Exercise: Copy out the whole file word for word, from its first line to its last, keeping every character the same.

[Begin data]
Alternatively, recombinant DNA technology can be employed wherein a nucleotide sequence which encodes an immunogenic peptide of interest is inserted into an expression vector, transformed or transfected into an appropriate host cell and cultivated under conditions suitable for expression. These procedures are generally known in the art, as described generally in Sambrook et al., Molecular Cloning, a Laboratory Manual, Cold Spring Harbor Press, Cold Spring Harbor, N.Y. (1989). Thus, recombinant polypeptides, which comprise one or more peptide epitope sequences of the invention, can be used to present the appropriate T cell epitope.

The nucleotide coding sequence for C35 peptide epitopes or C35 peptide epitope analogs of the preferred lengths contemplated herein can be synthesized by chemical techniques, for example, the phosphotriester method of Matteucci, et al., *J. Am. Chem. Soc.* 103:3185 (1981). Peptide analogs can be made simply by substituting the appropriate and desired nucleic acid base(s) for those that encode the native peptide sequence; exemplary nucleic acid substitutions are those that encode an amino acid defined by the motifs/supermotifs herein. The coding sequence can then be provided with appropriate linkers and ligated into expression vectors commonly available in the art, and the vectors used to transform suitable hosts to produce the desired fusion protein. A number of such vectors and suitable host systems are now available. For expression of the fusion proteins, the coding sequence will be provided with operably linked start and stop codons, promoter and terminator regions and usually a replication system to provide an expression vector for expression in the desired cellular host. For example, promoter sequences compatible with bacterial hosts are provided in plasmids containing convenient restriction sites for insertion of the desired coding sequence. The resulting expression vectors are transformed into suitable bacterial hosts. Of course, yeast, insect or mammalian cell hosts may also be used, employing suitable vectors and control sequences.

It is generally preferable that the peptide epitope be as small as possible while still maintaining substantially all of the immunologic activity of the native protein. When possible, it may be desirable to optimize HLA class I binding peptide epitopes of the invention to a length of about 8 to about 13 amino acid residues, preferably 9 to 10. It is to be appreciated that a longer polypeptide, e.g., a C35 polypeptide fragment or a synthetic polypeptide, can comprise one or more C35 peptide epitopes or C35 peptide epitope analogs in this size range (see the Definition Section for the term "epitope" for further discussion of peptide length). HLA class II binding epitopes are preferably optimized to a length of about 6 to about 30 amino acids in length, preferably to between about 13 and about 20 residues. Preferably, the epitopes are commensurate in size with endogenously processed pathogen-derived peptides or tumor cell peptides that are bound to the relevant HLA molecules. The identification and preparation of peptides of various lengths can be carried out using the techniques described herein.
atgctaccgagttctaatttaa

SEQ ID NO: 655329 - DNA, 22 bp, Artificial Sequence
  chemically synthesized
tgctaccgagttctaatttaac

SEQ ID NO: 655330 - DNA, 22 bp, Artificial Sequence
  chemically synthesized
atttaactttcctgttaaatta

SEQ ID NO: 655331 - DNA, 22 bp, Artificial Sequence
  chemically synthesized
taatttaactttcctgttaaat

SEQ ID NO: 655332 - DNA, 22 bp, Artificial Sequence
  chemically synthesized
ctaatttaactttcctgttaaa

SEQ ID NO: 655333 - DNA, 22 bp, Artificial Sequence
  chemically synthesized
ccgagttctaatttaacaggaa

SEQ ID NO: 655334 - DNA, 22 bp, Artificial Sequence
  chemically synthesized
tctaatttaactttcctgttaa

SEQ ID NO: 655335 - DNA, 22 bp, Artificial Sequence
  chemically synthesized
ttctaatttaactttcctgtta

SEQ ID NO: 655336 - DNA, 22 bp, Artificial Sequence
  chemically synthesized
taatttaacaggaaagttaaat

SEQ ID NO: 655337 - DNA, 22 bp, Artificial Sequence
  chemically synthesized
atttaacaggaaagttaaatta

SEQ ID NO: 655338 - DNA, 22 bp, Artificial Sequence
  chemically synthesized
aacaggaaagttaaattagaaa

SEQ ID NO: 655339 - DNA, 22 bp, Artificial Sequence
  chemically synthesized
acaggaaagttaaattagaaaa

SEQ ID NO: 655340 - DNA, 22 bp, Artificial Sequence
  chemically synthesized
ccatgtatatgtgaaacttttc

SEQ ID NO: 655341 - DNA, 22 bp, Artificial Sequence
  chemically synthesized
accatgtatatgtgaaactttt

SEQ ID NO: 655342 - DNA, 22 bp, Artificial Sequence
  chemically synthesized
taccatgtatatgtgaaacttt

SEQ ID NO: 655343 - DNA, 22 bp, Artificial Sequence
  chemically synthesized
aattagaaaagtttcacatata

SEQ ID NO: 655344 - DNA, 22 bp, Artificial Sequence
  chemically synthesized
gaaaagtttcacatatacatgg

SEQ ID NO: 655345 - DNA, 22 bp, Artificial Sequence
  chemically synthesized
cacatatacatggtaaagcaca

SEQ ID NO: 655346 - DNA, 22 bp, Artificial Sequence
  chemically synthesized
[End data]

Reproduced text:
Alternatively, recombinant DNA technology can be employed wherein a nucleotide sequence which encodes an immunogenic peptide of interest is inserted into an expression vector, transformed or transfected into an appropriate host cell and cultivated under conditions suitable for expression. These procedures are generally known in the art, as described generally in Sambrook et al., Molecular Cloning, a Laboratory Manual, Cold Spring Harbor Press, Cold Spring Harbor, N.Y. (1989). Thus, recombinant polypeptides, which comprise one or more peptide epitope sequences of the invention, can be used to present the appropriate T cell epitope.

The nucleotide coding sequence for C35 peptide epitopes or C35 peptide epitope analogs of the preferred lengths contemplated herein can be synthesized by chemical techniques, for example, the phosphotriester method of Matteucci, et al., *J. Am. Chem. Soc.* 103:3185 (1981). Peptide analogs can be made simply by substituting the appropriate and desired nucleic acid base(s) for those that encode the native peptide sequence; exemplary nucleic acid substitutions are those that encode an amino acid defined by the motifs/supermotifs herein. The coding sequence can then be provided with appropriate linkers and ligated into expression vectors commonly available in the art, and the vectors used to transform suitable hosts to produce the desired fusion protein. A number of such vectors and suitable host systems are now available. For expression of the fusion proteins, the coding sequence will be provided with operably linked start and stop codons, promoter and terminator regions and usually a replication system to provide an expression vector for expression in the desired cellular host. For example, promoter sequences compatible with bacterial hosts are provided in plasmids containing convenient restriction sites for insertion of the desired coding sequence. The resulting expression vectors are transformed into suitable bacterial hosts. Of course, yeast, insect or mammalian cell hosts may also be used, employing suitable vectors and control sequences.

It is generally preferable that the peptide epitope be as small as possible while still maintaining substantially all of the immunologic activity of the native protein. When possible, it may be desirable to optimize HLA class I binding peptide epitopes of the invention to a length of about 8 to about 13 amino acid residues, preferably 9 to 10. It is to be appreciated that a longer polypeptide, e.g., a C35 polypeptide fragment or a synthetic polypeptide, can comprise one or more C35 peptide epitopes or C35 peptide epitope analogs in this size range (see the Definition Section for the term "epitope" for further discussion of peptide length). HLA class II binding epitopes are preferably optimized to a length of about 6 to about 30 amino acids in length, preferably to between about 13 and about 20 residues. Preferably, the epitopes are commensurate in size with endogenously processed pathogen-derived peptides or tumor cell peptides that are bound to the relevant HLA molecules. The identification and preparation of peptides of various lengths can be carried out using the techniques described herein.
atgctaccgagttctaatttaa

SEQ ID NO: 655329 - DNA, 22 bp, Artificial Sequence
  chemically synthesized
tgctaccgagttctaatttaac

SEQ ID NO: 655330 - DNA, 22 bp, Artificial Sequence
  chemically synthesized
atttaactttcctgttaaatta

SEQ ID NO: 655331 - DNA, 22 bp, Artificial Sequence
  chemically synthesized
taatttaactttcctgttaaat

SEQ ID NO: 655332 - DNA, 22 bp, Artificial Sequence
  chemically synthesized
ctaatttaactttcctgttaaa

SEQ ID NO: 655333 - DNA, 22 bp, Artificial Sequence
  chemically synthesized
ccgagttctaatttaacaggaa

SEQ ID NO: 655334 - DNA, 22 bp, Artificial Sequence
  chemically synthesized
tctaatttaactttcctgttaa

SEQ ID NO: 655335 - DNA, 22 bp, Artificial Sequence
  chemically synthesized
ttctaatttaactttcctgtta

SEQ ID NO: 655336 - DNA, 22 bp, Artificial Sequence
  chemically synthesized
taatttaacaggaaagttaaat

SEQ ID NO: 655337 - DNA, 22 bp, Artificial Sequence
  chemically synthesized
atttaacaggaaagttaaatta

SEQ ID NO: 655338 - DNA, 22 bp, Artificial Sequence
  chemically synthesized
aacaggaaagttaaattagaaa

SEQ ID NO: 655339 - DNA, 22 bp, Artificial Sequence
  chemically synthesized
acaggaaagttaaattagaaaa

SEQ ID NO: 655340 - DNA, 22 bp, Artificial Sequence
  chemically synthesized
ccatgtatatgtgaaacttttc

SEQ ID NO: 655341 - DNA, 22 bp, Artificial Sequence
  chemically synthesized
accatgtatatgtgaaactttt

SEQ ID NO: 655342 - DNA, 22 bp, Artificial Sequence
  chemically synthesized
taccatgtatatgtgaaacttt

SEQ ID NO: 655343 - DNA, 22 bp, Artificial Sequence
  chemically synthesized
aattagaaaagtttcacatata

SEQ ID NO: 655344 - DNA, 22 bp, Artificial Sequence
  chemically synthesized
gaaaagtttcacatatacatgg

SEQ ID NO: 655345 - DNA, 22 bp, Artificial Sequence
  chemically synthesized
cacatatacatggtaaagcaca

SEQ ID NO: 655346 - DNA, 22 bp, Artificial Sequence
  chemically synthesized